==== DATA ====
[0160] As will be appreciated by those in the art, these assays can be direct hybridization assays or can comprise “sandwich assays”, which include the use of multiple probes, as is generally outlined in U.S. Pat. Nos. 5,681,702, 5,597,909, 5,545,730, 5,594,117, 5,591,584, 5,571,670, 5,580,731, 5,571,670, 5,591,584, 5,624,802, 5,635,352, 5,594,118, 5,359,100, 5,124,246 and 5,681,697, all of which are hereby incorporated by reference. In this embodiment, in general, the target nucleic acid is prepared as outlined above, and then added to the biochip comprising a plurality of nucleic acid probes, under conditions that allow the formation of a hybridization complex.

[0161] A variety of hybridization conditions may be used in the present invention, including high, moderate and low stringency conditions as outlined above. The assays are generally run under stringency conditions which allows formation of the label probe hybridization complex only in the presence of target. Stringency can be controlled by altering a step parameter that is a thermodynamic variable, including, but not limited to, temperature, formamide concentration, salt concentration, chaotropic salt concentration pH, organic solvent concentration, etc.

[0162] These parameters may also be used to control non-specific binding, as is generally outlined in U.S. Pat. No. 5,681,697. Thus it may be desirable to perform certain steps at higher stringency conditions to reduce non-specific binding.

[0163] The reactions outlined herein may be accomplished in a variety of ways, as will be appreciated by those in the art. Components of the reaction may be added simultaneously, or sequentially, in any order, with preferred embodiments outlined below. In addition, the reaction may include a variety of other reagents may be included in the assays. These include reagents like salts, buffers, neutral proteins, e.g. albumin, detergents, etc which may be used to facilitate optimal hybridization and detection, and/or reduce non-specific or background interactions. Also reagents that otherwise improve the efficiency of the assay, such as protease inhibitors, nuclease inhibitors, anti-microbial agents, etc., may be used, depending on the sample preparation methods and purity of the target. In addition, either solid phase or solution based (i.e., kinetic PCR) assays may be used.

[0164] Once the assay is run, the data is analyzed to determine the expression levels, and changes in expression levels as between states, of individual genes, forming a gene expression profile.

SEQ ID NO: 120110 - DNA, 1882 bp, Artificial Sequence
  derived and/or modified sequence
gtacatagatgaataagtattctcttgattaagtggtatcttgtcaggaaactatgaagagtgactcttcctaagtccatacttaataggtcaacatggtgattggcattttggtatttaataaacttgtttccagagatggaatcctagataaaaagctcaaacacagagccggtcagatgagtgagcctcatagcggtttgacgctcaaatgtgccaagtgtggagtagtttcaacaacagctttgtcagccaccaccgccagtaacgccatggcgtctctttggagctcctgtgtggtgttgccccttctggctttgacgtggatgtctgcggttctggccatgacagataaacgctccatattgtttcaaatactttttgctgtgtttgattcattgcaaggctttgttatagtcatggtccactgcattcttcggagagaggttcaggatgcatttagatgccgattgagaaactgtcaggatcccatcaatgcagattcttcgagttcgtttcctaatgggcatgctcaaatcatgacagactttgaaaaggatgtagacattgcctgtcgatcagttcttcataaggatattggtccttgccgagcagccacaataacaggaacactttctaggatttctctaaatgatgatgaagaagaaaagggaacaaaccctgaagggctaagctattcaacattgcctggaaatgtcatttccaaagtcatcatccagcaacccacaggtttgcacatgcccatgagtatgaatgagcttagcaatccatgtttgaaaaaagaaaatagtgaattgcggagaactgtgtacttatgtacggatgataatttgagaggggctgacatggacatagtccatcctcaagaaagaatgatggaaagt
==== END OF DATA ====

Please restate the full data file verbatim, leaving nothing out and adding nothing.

[0160] As will be appreciated by those in the art, these assays can be direct hybridization assays or can comprise “sandwich assays”, which include the use of multiple probes, as is generally outlined in U.S. Pat. Nos. 5,681,702, 5,597,909, 5,545,730, 5,594,117, 5,591,584, 5,571,670, 5,580,731, 5,571,670, 5,591,584, 5,624,802, 5,635,352, 5,594,118, 5,359,100, 5,124,246 and 5,681,697, all of which are hereby incorporated by reference. In this embodiment, in general, the target nucleic acid is prepared as outlined above, and then added to the biochip comprising a plurality of nucleic acid probes, under conditions that allow the formation of a hybridization complex.

[0161] A variety of hybridization conditions may be used in the present invention, including high, moderate and low stringency conditions as outlined above. The assays are generally run under stringency conditions which allows formation of the label probe hybridization complex only in the presence of target. Stringency can be controlled by altering a step parameter that is a thermodynamic variable, including, but not limited to, temperature, formamide concentration, salt concentration, chaotropic salt concentration pH, organic solvent concentration, etc.

[0162] These parameters may also be used to control non-specific binding, as is generally outlined in U.S. Pat. No. 5,681,697. Thus it may be desirable to perform certain steps at higher stringency conditions to reduce non-specific binding.

[0163] The reactions outlined herein may be accomplished in a variety of ways, as will be appreciated by those in the art. Components of the reaction may be added simultaneously, or sequentially, in any order, with preferred embodiments outlined below. In addition, the reaction may include a variety of other reagents may be included in the assays. These include reagents like salts, buffers, neutral proteins, e.g. albumin, detergents, etc which may be used to facilitate optimal hybridization and detection, and/or reduce non-specific or background interactions. Also reagents that otherwise improve the efficiency of the assay, such as protease inhibitors, nuclease inhibitors, anti-microbial agents, etc., may be used, depending on the sample preparation methods and purity of the target. In addition, either solid phase or solution based (i.e., kinetic PCR) assays may be used.

[0164] Once the assay is run, the data is analyzed to determine the expression levels, and changes in expression levels as between states, of individual genes, forming a gene expression profile.

SEQ ID NO: 120110 - DNA, 1882 bp, Artificial Sequence
  derived and/or modified sequence
gtacatagatgaataagtattctcttgattaagtggtatcttgtcaggaaactatgaagagtgactcttcctaagtccatacttaataggtcaacatggtgattggcattttggtatttaataaacttgtttccagagatggaatcctagataaaaagctcaaacacagagccggtcagatgagtgagcctcatagcggtttgacgctcaaatgtgccaagtgtggagtagtttcaacaacagctttgtcagccaccaccgccagtaacgccatggcgtctctttggagctcctgtgtggtgttgccccttctggctttgacgtggatgtctgcggttctggccatgacagataaacgctccatattgtttcaaatactttttgctgtgtttgattcattgcaaggctttgttatagtcatggtccactgcattcttcggagagaggttcaggatgcatttagatgccgattgagaaactgtcaggatcccatcaatgcagattcttcgagttcgtttcctaatgggcatgctcaaatcatgacagactttgaaaaggatgtagacattgcctgtcgatcagttcttcataaggatattggtccttgccgagcagccacaataacaggaacactttctaggatttctctaaatgatgatgaagaagaaaagggaacaaaccctgaagggctaagctattcaacattgcctggaaatgtcatttccaaagtcatcatccagcaacccacaggtttgcacatgcccatgagtatgaatgagcttagcaatccatgtttgaaaaaagaaaatagtgaattgcggagaactgtgtacttatgtacggatgataatttgagaggggctgacatggacatagtccatcctcaagaaagaatgatggaaagt